Everyone needs a place that they can call home. Yet there are hundreds of families in Memphis who are homeless. Dorothy Day House provides families with the temporary housing and support services they need to get back on their feet.
“Many people are completely unaware of the hundreds of families in Shelby County who do not have adequate housing each night. Family homelessness is an invisible problem,” said Sr. Maureen Griner, DDH Executive Director of the Dorothy Day House.
On Sunday, January 26, the nonprofit celebrated the grand opening of its third home, The Joseph House, that will provide a safe haven for three Memphis families.
Volunteers, staff, and former families came to tour the spacious, beautiful, three-story home, located at 1161 Peabody Avenue. The house has everything that families would want and need from an upstairs laundry to a playroom for the kids.
Plus, in most shelters, families who are experiencing homelessness are often separated. Men and teenage boys are sent to one shelter while women, girls, and little boys are sent to another shelter.
But at Dorothy Day House, families get to stick together.
Now, nine families can be served simultaneously at their three housing locations. Their goal is to eventually serve twenty families across the city.
In 2016, they launched a 5-year, $5 million comprehensive capital campaign and so far have raised $3.5 million toward that goal. Those funds allowed for the renovation of the Joseph House, 1161 Peabody Ave., and the house across the street, 1178 Peabody Ave.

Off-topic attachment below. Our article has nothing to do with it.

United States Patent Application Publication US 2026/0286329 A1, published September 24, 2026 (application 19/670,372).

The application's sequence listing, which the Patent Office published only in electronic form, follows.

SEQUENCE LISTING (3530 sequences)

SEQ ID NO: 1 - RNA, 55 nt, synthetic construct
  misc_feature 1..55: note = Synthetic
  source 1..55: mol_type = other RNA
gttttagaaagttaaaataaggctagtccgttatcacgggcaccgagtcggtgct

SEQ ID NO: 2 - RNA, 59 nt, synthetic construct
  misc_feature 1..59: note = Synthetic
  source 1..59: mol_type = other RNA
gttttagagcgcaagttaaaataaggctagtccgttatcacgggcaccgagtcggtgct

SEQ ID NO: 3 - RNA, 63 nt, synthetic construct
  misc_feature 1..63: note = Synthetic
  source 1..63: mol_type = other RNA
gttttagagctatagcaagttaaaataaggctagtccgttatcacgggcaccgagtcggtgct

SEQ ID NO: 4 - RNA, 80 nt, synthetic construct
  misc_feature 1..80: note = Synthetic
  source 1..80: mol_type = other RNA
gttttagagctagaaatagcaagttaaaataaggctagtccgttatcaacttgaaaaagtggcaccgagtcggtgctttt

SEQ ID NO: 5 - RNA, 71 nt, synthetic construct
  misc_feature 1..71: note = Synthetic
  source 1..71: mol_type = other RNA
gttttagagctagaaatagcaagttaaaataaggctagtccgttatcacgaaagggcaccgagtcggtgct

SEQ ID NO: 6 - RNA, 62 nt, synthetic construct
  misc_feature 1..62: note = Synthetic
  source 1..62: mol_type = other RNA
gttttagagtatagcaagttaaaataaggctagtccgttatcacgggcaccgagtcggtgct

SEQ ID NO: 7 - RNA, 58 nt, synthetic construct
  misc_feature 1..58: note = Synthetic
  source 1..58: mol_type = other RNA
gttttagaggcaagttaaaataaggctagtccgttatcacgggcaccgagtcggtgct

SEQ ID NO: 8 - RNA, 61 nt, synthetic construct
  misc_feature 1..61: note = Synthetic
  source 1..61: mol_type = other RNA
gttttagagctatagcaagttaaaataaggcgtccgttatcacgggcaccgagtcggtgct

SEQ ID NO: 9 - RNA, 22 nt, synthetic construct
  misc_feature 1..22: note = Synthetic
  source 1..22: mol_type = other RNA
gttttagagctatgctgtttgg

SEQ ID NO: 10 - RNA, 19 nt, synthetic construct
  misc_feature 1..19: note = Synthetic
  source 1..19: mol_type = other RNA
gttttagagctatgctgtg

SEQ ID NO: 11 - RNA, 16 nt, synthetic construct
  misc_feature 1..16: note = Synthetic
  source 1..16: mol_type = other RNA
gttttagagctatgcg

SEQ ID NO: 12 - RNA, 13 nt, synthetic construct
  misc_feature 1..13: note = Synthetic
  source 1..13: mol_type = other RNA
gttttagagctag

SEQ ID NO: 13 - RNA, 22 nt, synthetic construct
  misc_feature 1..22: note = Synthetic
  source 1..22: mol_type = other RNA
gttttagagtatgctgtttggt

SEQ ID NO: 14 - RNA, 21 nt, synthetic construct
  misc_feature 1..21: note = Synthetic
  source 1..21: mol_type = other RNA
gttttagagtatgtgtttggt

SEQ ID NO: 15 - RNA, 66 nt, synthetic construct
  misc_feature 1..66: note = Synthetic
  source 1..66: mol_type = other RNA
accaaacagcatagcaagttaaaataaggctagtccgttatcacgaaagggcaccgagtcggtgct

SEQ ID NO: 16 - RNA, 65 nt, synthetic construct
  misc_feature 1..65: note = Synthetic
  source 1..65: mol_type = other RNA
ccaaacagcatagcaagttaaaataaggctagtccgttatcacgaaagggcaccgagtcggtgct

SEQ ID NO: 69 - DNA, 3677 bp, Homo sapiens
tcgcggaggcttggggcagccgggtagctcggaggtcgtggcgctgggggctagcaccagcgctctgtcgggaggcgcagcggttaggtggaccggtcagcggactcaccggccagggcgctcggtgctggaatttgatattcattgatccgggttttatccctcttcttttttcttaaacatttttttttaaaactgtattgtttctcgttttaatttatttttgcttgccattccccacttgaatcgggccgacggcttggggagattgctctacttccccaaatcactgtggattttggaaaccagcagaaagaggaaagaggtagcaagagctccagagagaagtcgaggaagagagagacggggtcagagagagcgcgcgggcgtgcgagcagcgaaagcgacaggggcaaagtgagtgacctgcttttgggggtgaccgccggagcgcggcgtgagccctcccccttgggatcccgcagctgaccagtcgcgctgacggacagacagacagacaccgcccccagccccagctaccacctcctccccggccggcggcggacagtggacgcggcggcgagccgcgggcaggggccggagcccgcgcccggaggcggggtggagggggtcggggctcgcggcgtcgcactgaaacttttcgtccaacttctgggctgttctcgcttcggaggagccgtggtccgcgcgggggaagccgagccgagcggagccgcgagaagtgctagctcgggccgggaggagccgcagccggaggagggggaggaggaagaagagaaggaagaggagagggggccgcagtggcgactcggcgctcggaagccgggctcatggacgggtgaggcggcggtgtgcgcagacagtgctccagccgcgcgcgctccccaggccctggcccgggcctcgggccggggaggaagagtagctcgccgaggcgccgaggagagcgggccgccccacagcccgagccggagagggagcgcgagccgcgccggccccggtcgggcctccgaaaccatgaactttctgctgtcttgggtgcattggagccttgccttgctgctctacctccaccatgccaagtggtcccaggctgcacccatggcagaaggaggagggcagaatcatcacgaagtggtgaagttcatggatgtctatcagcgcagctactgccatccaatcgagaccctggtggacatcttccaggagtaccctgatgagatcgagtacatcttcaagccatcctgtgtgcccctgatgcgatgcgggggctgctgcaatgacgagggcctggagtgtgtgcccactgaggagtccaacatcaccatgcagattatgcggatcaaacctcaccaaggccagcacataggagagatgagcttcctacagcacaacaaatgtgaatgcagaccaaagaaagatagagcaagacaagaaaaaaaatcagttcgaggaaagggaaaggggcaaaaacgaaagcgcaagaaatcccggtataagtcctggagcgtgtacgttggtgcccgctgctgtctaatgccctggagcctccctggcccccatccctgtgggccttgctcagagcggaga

A2H Architects, Montgomery Martin Contractors, and the Hunter Fan Company all pitched in to make the home a reality. More than 40 Hunter Fan employees banded together to complete a “Huntervention” of the home, donating all of the furniture in the new home, adding personal touches, assembling furniture, installing ceiling fans and adding inspiring decor to transform the space. In addition to hands-on dedication, a portion of the proceeds during the month of February on Hunterfan.com will be donated to help combat homelessness and help out Dorothy Day House.
Families got to move in at the end of January and settle into their new home.
Parents are bring connected with other local organizations that can help with employment, transportation, counseling or education.
For example, Lucy J’s Bakery in Crosstown employs the parents who live at the Dorothy Day locations and provides them with a working wage.
Tracy Burgess founded Lucy J’s with her husband and also supports families at DDH as the Director of Development & Communications.
She hopes that The Joseph House, like the other Dorothy Day homes, will be a place where people feel loved as soon as they open the door.
“Dorothy Day loved to serve people,” Burgess said. “In her spirit, in her own words, she said that the best way to serve is to love.”